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New Zealand's longest-running online daily news and commentary publication, now in its 25th year. The opinion pieces presented here are not purported to be fact but reasonable effort is made to ensure accuracy.

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I am in trouble (again)

6 August 2020

Yes, it seems that I always end up kicking hornets' nests.

Some people have said that I am anti-authority. Not true.

The reality is that I'm opposed to organisations or people who misuse their power or who place policy ahead of pragmatism.

This perspective has seen me lock horns with a number of bureaucracies in the past because, let's be honest, the misuse of power and over-reliance on policy is most rampant within the halls of such bureaucracies.

And, for those who have been paying the least bit of attention it will come as no surprise that once again I'm trying to help CAA mend its ways.

Quick backstory (for those that missed it)... CAA have been investigating a number of the videos on my YouTube channel for alleged breaches of their regulations.

I have no problems with CAA investigating any complaints they receive about my or anyone's flying -- be it drone flying or the operation of a "real" aircraft. That's one of their jobs.

What I do take issue with is the way those investigations are performed and the experience that I (and many others) have had when being the subject of such investigations.

A CAA investigator contacted me way-back on the 26th of May to advise that the Authority had received complaints about three of my videos. That investigator followed up the phone call with an email on the 27th. A few days later I received a long list of questions (by email) and I responded to the salient points raised in those questions.

On June 4th I received another email from the investigator which included the statement that "I will endeavour to complete my investigation report within the next week and will advise you of the outcome".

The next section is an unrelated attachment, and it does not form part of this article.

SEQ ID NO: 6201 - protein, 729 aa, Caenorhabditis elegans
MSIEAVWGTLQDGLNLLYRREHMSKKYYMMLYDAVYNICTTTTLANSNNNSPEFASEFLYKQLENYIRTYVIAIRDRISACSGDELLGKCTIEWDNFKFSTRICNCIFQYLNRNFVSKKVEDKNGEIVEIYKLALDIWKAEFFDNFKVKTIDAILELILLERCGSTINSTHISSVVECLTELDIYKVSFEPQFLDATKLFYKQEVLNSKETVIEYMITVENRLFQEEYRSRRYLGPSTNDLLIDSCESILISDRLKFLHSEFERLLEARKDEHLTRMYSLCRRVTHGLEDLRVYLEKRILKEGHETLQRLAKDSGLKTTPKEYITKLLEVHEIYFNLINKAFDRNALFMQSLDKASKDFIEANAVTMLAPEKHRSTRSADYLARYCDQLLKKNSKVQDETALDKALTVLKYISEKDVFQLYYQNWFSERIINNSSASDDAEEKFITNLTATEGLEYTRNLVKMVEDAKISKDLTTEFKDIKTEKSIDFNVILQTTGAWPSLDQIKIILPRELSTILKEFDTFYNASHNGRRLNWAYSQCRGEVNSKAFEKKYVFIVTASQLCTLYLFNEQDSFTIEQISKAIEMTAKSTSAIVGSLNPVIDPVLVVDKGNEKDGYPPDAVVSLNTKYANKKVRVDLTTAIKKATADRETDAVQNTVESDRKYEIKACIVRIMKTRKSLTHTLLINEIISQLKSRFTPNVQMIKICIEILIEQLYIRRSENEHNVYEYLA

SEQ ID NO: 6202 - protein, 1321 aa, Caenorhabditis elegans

Thus the expectation was set by CAA that it would take about a week for this investigation to be completed and for me to be advised of the outcome.

I waited TWO weeks and heard nothing so I emailed again, on the 19th of June, asking for an update.

The response was " I hope to have done by the end of next week".

More time passed so on the 30th of June (another TWO weeks) I requested yet another update.

"I have completed my report and is currently being reviewed for approval" was the response from the investigator.

It is now the 6th of August, more than 10 weeks since the investigation, that should have seen me advised of its outcome within a week, was begun. It seems that someone has had that report sitting on their desk for five weeks now -- and done nothing with it.

CAA has stopped responding to my requests for status updates, despite clearly stating in their Service Charter that they will "acknowledge all written inquiries within 10 working days".

Given that the investigation has taken an order of magnitude longer than the timeframes suggested by CAA it would appear that they're in violation of another of their charter statements: to "provide timely, accurate and useful responses to all inquiries"

I should point out that my dealings with the first investigator were very pleasant. He was polite, interested and helpful, albeit he was clearly constrained to following the policies under which he operated. I was rather disturbed to find that he knew less about the regulations I was supposed to have been in breach of than I did. You know something is wrong when you have to educate the investigator as to the rules.